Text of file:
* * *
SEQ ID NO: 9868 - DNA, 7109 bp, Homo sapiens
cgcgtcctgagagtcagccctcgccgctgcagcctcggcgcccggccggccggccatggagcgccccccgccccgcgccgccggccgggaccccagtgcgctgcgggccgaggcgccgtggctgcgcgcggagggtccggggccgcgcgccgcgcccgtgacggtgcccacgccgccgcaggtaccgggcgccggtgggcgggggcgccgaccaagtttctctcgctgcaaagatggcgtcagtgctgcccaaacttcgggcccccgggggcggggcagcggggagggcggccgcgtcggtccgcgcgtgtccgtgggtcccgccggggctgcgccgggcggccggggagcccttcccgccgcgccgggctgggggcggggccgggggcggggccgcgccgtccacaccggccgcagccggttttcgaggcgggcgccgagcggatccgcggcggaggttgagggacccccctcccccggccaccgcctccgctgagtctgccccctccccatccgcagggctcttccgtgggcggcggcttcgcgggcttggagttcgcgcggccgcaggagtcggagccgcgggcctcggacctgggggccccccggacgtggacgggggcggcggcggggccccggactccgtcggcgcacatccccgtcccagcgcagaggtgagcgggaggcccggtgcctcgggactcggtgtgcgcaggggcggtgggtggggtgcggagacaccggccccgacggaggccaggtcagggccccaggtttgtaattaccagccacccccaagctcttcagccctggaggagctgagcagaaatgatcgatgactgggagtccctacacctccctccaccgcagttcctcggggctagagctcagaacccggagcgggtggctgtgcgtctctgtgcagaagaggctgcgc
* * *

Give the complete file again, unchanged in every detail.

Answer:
SEQ ID NO: 9868 - DNA, 7109 bp, Homo sapiens
cgcgtcctgagagtcagccctcgccgctgcagcctcggcgcccggccggccggccatggagcgccccccgccccgcgccgccggccgggaccccagtgcgctgcgggccgaggcgccgtggctgcgcgcggagggtccggggccgcgcgccgcgcccgtgacggtgcccacgccgccgcaggtaccgggcgccggtgggcgggggcgccgaccaagtttctctcgctgcaaagatggcgtcagtgctgcccaaacttcgggcccccgggggcggggcagcggggagggcggccgcgtcggtccgcgcgtgtccgtgggtcccgccggggctgcgccgggcggccggggagcccttcccgccgcgccgggctgggggcggggccgggggcggggccgcgccgtccacaccggccgcagccggttttcgaggcgggcgccgagcggatccgcggcggaggttgagggacccccctcccccggccaccgcctccgctgagtctgccccctccccatccgcagggctcttccgtgggcggcggcttcgcgggcttggagttcgcgcggccgcaggagtcggagccgcgggcctcggacctgggggccccccggacgtggacgggggcggcggcggggccccggactccgtcggcgcacatccccgtcccagcgcagaggtgagcgggaggcccggtgcctcgggactcggtgtgcgcaggggcggtgggtggggtgcggagacaccggccccgacggaggccaggtcagggccccaggtttgtaattaccagccacccccaagctcttcagccctggaggagctgagcagaaatgatcgatgactgggagtccctacacctccctccaccgcagttcctcggggctagagctcagaacccggagcgggtggctgtgcgtctctgtgcagaagaggctgcgc